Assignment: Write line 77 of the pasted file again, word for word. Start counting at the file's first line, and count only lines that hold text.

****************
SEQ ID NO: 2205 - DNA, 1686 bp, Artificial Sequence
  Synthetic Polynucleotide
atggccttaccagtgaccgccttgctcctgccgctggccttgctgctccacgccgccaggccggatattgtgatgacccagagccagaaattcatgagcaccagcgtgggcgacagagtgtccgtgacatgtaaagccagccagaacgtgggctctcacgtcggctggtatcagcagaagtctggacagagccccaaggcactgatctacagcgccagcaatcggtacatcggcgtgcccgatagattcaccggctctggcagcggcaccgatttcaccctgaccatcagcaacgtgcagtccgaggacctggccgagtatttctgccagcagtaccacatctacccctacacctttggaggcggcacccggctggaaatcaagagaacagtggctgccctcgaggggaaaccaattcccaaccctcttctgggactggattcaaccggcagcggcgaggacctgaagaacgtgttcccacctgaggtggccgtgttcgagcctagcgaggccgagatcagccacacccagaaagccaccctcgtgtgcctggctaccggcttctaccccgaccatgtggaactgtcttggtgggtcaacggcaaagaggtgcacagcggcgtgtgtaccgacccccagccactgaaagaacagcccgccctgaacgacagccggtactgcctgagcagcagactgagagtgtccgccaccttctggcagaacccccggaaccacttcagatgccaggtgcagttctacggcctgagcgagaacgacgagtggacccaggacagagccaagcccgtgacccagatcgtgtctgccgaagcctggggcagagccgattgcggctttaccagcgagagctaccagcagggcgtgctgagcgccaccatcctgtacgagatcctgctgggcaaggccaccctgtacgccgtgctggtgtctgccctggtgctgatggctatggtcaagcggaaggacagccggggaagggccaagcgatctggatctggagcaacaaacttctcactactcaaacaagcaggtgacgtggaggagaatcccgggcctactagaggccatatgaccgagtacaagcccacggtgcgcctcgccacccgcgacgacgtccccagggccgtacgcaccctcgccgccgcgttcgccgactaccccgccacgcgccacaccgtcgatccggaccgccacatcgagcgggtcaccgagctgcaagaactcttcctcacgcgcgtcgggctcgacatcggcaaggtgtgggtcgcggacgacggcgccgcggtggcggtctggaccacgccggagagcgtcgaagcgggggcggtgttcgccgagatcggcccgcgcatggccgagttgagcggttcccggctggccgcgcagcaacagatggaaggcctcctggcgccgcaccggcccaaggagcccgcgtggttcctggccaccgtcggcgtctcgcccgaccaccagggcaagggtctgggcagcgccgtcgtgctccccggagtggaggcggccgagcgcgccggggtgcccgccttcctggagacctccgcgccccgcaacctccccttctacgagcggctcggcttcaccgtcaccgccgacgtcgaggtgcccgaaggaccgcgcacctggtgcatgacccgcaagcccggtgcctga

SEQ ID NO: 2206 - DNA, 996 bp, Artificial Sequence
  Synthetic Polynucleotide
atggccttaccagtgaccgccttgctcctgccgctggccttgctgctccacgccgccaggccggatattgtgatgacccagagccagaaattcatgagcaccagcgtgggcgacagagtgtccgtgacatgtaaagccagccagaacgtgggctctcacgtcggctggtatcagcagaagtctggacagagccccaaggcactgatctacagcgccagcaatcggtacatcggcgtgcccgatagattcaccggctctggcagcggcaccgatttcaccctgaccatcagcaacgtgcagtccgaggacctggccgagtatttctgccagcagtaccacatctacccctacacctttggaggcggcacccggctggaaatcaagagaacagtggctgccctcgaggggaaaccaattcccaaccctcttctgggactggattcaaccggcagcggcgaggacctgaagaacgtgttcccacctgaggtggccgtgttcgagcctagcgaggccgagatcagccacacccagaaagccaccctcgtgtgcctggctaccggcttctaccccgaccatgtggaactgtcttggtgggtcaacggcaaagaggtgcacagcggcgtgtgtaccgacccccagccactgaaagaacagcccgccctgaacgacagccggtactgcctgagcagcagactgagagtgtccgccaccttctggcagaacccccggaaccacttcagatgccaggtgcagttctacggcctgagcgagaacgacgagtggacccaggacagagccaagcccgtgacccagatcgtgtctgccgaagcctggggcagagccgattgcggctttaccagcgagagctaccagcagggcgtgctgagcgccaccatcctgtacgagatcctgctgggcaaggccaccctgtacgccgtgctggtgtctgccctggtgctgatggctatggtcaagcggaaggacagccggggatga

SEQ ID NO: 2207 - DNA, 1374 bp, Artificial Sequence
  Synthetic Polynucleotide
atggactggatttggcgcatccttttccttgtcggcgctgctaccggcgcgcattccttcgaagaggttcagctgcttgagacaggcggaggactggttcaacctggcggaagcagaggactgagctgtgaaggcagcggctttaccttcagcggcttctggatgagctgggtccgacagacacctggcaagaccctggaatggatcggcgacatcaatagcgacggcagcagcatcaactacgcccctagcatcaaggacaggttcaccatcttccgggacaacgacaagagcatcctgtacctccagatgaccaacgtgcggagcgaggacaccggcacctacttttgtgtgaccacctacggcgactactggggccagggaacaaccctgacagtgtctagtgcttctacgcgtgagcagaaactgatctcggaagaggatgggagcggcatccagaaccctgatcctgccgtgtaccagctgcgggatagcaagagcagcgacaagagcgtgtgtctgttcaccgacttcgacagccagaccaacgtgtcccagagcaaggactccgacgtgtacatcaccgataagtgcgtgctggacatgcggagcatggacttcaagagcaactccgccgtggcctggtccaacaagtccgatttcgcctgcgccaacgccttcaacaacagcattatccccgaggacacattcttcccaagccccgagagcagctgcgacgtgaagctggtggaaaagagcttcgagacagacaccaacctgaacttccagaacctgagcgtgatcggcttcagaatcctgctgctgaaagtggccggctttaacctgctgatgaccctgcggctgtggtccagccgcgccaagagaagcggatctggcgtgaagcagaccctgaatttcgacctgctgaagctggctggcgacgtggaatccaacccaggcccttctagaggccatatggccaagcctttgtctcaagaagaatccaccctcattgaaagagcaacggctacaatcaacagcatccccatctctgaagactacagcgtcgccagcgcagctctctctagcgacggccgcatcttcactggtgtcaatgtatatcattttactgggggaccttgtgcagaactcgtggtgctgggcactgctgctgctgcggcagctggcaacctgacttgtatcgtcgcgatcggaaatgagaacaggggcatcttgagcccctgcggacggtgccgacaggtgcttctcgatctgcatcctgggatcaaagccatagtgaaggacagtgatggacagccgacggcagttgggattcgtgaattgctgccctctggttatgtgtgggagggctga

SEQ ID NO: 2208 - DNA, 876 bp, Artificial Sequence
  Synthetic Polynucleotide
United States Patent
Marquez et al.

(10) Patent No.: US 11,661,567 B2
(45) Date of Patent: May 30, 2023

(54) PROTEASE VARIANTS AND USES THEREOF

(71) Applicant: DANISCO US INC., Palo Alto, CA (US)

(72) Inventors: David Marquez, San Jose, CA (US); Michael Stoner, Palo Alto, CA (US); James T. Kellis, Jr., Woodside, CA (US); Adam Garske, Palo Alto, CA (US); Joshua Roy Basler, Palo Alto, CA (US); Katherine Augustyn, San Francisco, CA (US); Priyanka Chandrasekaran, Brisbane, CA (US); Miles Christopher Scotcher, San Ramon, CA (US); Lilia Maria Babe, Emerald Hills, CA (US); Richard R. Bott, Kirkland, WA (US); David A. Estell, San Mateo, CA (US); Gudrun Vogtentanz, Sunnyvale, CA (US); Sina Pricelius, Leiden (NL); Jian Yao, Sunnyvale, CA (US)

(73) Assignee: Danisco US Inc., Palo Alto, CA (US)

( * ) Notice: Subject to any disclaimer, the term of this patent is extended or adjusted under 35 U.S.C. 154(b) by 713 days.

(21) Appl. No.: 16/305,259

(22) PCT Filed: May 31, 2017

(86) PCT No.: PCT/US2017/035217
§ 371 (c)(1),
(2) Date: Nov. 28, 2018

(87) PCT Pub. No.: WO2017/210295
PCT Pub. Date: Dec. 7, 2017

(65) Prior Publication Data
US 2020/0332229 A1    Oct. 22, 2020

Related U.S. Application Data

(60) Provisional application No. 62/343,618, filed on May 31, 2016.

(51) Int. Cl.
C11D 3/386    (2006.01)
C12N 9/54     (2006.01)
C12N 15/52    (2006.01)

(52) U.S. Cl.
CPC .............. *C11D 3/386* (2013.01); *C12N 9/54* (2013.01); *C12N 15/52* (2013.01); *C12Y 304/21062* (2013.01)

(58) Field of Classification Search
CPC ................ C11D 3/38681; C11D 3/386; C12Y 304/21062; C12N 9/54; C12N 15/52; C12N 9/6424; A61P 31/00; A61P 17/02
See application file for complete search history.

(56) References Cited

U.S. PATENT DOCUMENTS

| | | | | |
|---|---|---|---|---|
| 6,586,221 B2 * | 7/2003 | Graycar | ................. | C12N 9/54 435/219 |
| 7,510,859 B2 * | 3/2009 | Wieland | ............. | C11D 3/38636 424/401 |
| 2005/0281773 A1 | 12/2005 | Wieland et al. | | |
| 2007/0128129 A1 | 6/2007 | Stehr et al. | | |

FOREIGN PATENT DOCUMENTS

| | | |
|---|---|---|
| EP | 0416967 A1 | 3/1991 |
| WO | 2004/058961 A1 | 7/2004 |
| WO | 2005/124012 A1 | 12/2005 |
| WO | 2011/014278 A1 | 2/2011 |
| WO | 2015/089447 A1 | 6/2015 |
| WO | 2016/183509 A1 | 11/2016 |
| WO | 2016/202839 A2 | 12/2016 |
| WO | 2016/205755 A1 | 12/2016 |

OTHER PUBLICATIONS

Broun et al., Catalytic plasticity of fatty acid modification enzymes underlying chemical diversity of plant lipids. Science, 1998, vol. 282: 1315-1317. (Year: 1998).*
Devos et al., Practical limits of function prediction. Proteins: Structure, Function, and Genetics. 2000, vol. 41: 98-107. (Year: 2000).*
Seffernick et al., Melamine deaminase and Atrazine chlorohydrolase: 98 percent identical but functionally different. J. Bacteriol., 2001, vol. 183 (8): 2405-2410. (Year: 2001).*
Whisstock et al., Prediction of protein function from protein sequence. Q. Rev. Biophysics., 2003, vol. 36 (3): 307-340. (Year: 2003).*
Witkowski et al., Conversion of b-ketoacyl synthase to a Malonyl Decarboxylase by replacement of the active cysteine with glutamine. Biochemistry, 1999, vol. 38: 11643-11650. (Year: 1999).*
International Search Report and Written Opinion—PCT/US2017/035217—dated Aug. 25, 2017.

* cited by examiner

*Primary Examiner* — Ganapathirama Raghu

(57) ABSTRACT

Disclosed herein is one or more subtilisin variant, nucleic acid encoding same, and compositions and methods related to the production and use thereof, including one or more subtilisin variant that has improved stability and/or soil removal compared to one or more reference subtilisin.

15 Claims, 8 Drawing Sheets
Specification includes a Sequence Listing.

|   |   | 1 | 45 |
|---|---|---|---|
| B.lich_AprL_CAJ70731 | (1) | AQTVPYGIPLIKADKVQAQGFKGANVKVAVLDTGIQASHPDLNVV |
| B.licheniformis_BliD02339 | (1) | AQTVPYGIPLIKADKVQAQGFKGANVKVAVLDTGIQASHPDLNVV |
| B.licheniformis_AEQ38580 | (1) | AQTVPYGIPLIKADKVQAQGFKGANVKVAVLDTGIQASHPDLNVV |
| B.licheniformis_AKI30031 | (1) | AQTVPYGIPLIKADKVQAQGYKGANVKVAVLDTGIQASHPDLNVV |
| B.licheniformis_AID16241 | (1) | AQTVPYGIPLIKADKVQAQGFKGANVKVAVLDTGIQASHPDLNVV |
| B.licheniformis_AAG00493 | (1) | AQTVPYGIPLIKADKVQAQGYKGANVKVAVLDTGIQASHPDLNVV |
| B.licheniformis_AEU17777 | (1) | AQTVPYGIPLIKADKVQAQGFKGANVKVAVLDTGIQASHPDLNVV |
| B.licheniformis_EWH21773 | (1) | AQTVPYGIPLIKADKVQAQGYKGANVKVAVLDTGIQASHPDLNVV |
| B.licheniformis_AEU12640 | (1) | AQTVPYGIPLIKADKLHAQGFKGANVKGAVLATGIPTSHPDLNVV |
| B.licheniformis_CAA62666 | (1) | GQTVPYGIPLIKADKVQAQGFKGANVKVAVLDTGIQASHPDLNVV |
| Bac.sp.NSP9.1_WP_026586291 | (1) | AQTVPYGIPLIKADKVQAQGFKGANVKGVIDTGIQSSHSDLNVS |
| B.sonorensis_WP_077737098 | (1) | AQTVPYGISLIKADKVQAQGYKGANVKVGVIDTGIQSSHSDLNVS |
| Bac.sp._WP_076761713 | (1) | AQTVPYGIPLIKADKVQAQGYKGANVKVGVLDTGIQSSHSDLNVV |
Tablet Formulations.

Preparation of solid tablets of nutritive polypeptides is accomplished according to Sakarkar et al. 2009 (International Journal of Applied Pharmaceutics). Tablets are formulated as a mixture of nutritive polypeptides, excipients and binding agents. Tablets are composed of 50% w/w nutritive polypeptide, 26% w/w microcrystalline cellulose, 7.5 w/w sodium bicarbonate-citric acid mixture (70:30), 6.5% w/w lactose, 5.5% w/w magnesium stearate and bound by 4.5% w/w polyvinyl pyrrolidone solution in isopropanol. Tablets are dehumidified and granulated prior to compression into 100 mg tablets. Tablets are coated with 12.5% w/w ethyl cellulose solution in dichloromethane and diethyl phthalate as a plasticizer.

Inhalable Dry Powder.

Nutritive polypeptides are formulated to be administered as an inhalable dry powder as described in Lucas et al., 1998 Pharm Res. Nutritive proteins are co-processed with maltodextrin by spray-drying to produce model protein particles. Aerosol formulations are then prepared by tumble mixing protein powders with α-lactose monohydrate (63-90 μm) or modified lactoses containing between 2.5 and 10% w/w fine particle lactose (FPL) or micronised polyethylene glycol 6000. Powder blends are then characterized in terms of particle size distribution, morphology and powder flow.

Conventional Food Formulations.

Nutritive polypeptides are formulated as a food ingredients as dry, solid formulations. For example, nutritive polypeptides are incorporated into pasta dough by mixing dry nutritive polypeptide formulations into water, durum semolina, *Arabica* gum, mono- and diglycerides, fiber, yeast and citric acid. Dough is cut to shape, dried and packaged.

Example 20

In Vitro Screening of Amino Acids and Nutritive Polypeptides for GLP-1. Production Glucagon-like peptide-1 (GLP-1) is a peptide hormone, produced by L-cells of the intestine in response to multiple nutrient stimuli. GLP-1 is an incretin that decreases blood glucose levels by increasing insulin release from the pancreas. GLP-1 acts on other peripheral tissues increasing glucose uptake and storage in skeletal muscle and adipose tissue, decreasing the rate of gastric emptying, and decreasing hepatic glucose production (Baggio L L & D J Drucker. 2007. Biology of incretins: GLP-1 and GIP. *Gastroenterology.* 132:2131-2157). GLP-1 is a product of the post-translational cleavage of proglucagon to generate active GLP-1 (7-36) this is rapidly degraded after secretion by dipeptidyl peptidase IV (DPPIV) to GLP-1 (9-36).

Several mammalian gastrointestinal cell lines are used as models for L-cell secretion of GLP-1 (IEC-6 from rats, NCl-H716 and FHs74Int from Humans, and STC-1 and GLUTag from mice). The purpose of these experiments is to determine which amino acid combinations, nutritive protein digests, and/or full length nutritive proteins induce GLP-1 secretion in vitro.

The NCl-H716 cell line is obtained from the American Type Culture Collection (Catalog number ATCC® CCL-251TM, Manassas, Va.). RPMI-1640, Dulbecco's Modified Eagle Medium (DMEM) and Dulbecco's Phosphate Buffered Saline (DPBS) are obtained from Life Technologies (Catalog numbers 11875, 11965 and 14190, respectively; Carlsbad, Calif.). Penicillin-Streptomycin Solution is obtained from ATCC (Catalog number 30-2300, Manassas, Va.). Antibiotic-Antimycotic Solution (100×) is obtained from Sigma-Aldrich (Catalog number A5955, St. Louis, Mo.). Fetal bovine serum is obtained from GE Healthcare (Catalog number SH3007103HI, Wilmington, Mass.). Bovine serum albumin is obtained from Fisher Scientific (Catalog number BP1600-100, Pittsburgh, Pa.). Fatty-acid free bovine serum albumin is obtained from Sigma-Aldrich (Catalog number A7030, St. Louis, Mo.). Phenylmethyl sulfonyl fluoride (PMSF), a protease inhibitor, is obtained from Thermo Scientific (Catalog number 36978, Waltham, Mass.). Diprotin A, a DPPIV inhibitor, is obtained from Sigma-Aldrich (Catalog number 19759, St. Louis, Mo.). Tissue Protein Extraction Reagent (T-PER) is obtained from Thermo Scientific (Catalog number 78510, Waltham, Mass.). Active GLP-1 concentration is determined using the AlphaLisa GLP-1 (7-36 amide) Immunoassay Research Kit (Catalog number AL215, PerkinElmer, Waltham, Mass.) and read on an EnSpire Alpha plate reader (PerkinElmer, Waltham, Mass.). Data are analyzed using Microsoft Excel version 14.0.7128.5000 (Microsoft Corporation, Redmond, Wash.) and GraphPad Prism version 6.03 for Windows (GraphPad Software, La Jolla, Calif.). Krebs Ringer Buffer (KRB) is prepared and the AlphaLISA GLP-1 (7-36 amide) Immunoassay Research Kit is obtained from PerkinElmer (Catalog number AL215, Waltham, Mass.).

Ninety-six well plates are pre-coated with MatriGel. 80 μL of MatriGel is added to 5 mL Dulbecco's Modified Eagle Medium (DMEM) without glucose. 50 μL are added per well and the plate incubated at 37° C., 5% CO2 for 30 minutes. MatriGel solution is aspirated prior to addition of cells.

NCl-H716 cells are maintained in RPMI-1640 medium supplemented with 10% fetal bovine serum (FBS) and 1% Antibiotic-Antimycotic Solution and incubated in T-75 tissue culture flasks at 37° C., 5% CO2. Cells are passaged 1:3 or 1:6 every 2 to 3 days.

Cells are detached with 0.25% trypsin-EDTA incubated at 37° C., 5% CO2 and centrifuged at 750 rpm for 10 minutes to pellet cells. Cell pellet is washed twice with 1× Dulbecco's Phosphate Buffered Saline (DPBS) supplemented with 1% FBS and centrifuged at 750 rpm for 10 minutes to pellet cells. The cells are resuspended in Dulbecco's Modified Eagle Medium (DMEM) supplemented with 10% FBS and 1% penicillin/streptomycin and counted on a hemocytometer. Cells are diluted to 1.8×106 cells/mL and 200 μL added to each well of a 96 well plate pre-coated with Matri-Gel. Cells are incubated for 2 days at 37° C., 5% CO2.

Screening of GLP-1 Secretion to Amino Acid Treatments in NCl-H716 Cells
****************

| B.licheniformis_AEQ38580 | (1) | AQTVPYGIPLIKADKVQAQGFKGANVKVAVLDTGIQASHPDLNVV |